Hannah’s Birth Story: Questions, and Answers

*This is the story from Nathan’s perspective, as I experienced the time spoken of here*

Very late Sunday night, Bethany began to have pain sharp enough that she couldn’t sleep. It didn’t feel like it was coming really regular, so she had questions about whether it might be contractions. But mysterious pains have been a part of our life now for the past eight weeks in our journey with Hannah and Bethany on hospital bedrest, so we tried not to fret too much. The pains would not go away though. Finally, Bethany called her nurse in and they put her on the contraction monitor. That nurse monitored and said she didn’t see anything. But the next shift nurse that came on the shift change works a lot in labor and delivery, and said she definitely had seen a pattern. We were troubled. We wanted labor to wait, and buy Hannah another couple weeks!

We had a diagnostic ultrasound at 9:30 in the morning, and we wheeled Bethany down for the test. From the very first image, Dr. Smith told us that Hannah’s head was WAAAY low and that she wanted Bethany checked right away when she went back to the room. We wheeled back upstairs with hearts pounding, and waited. The doctor came in, examined Bethany, and dropped the news on us, “You’re four centimeters dilated and I can see Hannah’s head.” Bethany just emotionally fell apart at that point. All those weeks of waiting and hoping that she would not go into labor had taken a huge toll. Her reserves were completely dry. We were at the destination of Bethany’s pregnancy, whether we were prepared or not.

Bethany was promptly wheeled over to labor and delivery to watch and wait for how things would progress. At periodic intervals, Dr. Smith or our wonderful nurse Donna would check on Hannah’s progress. After receiving an epidural and being placed on other IV medicines to protect Hannah in her delivery, Bethany progressed very quickly. We began to grow worried that the medical team wouldn’t be there in time. Dr. Smith came in and prepared for the delivery, and there was a brief moment, a calm before the storm, when it was just Bethany, me, Donna, and Dr. Smith. Then all of a sudden staff started pouring through the doorway and the room became a sea of blue scrubs.

After four big pushes, Bethany birthed Hannah at 4:56 pm. She came out so small and so purple, and the team of nurses and doctors immediately brought Hannah to the other side of the room, where they worked to resuscitate her. They immediately put tubes down her throat for breathing, and the first one wasn’t where they wanted it, so they had to pull it out and put another one in.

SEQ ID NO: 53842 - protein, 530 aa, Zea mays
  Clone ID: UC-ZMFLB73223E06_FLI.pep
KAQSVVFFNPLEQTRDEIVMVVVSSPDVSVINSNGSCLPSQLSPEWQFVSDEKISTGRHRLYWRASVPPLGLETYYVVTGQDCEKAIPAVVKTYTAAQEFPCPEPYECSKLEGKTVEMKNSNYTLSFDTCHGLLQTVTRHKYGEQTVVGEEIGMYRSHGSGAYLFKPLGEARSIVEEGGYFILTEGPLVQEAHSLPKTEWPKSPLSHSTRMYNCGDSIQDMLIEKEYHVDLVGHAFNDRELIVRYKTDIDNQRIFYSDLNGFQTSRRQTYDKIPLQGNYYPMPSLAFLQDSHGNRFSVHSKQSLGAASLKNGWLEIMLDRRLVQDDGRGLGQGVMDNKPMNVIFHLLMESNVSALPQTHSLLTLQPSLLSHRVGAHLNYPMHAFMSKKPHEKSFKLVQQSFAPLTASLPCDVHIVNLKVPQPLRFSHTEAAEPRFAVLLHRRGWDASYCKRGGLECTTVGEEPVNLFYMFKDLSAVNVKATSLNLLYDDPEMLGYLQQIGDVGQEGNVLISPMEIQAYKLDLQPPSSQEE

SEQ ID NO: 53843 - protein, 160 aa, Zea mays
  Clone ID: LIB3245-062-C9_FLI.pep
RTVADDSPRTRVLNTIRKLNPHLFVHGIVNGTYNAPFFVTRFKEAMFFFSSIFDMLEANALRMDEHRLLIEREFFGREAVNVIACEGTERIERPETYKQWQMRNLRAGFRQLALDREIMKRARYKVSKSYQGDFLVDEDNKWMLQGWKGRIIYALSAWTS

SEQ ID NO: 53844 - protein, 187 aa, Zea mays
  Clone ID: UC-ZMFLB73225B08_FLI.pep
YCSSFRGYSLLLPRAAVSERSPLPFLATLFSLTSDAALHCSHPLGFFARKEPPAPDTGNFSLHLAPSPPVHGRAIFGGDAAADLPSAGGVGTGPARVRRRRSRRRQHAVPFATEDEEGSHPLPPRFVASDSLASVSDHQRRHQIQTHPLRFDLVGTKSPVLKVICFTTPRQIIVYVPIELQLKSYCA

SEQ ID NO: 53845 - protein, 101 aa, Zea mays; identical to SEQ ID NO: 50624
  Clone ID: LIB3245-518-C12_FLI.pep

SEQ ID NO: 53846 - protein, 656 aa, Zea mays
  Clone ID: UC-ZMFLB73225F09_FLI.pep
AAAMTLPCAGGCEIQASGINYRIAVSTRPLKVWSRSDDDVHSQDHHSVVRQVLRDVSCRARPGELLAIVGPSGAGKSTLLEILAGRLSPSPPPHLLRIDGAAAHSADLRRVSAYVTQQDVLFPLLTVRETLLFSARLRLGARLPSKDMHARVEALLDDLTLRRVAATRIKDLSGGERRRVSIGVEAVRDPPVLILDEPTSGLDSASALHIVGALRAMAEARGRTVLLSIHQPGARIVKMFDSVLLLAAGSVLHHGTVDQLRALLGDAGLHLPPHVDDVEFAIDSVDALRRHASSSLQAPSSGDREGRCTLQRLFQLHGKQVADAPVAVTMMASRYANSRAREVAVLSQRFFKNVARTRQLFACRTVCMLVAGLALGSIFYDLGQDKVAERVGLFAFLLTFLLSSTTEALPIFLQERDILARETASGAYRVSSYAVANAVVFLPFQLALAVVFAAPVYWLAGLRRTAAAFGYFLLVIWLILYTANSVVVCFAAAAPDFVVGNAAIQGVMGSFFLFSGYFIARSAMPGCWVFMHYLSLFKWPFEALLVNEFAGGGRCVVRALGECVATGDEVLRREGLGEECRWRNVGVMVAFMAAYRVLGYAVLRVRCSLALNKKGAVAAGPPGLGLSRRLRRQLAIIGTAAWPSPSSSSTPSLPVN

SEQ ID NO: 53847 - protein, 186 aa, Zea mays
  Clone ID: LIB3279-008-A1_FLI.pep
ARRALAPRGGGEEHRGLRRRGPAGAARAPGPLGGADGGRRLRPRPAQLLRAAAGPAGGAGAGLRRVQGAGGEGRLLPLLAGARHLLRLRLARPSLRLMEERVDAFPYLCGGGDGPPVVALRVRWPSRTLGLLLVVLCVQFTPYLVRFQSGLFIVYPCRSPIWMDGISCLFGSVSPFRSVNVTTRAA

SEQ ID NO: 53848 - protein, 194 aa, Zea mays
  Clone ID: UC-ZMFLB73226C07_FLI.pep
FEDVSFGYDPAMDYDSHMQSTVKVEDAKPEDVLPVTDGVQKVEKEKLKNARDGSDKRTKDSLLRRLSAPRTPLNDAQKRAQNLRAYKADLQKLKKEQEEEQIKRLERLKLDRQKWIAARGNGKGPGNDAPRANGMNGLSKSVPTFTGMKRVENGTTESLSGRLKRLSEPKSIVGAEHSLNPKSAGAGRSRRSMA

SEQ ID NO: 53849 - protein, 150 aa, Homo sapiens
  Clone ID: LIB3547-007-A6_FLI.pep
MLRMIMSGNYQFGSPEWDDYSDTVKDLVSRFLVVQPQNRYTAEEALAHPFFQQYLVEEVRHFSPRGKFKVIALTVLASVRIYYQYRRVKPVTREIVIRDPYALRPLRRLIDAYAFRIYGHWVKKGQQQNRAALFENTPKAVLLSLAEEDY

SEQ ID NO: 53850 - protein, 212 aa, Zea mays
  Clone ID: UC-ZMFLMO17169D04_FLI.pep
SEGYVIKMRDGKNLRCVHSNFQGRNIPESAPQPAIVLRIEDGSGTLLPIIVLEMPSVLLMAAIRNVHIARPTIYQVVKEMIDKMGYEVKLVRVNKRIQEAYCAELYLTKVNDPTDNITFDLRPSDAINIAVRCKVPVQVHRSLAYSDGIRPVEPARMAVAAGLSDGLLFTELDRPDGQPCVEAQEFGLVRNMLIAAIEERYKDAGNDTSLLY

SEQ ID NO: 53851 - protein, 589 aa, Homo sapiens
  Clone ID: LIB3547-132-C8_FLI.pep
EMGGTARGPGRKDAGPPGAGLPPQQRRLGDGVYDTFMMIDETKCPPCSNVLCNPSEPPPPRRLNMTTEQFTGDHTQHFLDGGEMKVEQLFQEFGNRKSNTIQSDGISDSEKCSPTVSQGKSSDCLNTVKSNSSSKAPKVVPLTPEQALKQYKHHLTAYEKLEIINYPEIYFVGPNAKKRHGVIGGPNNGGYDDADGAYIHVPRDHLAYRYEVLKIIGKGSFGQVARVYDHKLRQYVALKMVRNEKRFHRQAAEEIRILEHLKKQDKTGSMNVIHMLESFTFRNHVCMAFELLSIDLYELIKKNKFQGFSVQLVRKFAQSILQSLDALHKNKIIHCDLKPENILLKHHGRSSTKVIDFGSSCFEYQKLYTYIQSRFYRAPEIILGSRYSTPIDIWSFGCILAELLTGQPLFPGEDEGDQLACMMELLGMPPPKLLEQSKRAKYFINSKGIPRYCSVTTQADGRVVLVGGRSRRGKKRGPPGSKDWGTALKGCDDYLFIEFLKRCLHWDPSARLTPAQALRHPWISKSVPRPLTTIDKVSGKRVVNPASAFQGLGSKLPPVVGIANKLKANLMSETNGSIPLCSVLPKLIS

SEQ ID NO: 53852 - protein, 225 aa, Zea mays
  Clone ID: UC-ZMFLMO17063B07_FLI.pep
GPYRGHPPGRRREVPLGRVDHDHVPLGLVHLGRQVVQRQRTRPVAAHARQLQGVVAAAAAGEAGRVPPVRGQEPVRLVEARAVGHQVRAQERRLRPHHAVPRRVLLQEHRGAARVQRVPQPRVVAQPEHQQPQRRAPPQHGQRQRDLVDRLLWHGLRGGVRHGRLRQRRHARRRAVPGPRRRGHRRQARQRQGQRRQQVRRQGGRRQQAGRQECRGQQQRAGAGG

The minutes crept by with Hannah not responding to their work. It was the most terrifying, most traumatic time of my life. As I stood off to the side of the team of people working on Hannah, I felt utterly helpless. Utterly, utterly helpless. I’ve learned in those times of my life that I need to draw on the resource I have of great help in crisis: prayer with the Creator of the universe and our friend. And as I stood there, holding my breath and trying to whisper out prayers, our nurse Donna came over behind me and wrapped her arm around me and held me the entire time they worked on Hannah. Her touch anchored me when I felt like I was endlessly drifting. Her hand held my side and wouldn’t let go. As I told her afterwards, she was “God with skin on for me” during this experience.

One of the measures they use to determine the viability of a child is something they call an Apgar number, which varies from 1-10. The 10 means the baby is strong and vigorous, with a 0 meaning lifeless. After the first five minutes, Hannah was a 1. After the second five minutes, Hannah was a 1. After the third five minutes, she was a 3. And after twenty minutes, she was a 5, at which point they decided she had enough of a chance to take her to the Intensive Care Unit (ICU).

I kissed Bethany and followed Hannah as they took her to the ICU. As they transferred Hannah over from the bed into the isolette bed in the ICU, I again found myself standing by the side in what seemed like a beehive of activity. It seemed like chaos, but everyone clearly had a role and were functioning in it very well; except me. So again I in desperation fell into the pattern of prayer; speaking what I could and letting my emotions do the rest. Hannah’s blood pressure was perilously low, and they decided to go to one of the last resorts they use, which was an epinephrine drip. Hannah’s blood oxygen saturation was very, very low as well. They like it to be near 100, and she was in the low 60s, with a bit of variability up to the low 70s and down to the 50s. That low number meant that oxygen likely wasn’t getting to the organs in need; most especially the brain. And the medical professionals told me Hannah’s lungs were very, very, very small and weren’t big enough to support her. They expressed great doubt that her lungs would be able to grow enough to be able to progress, and even worse, her lungs weren’t absorbing the oxygen the machine was pushing in. The respirator was maxed out at 100% oxygen, the epinephrine was maxed out at the furthest point they felt comfortable, and she was limping along with very, very low blood pressure and very, very low oxygen saturation levels. The prognosis was not good. The nurse practitioner told me they wanted the respirator to be down to 40% oxygen output or below, and that a prolonged period of time on 100% oxygen with such low blood saturation levels would over time become counter-productive.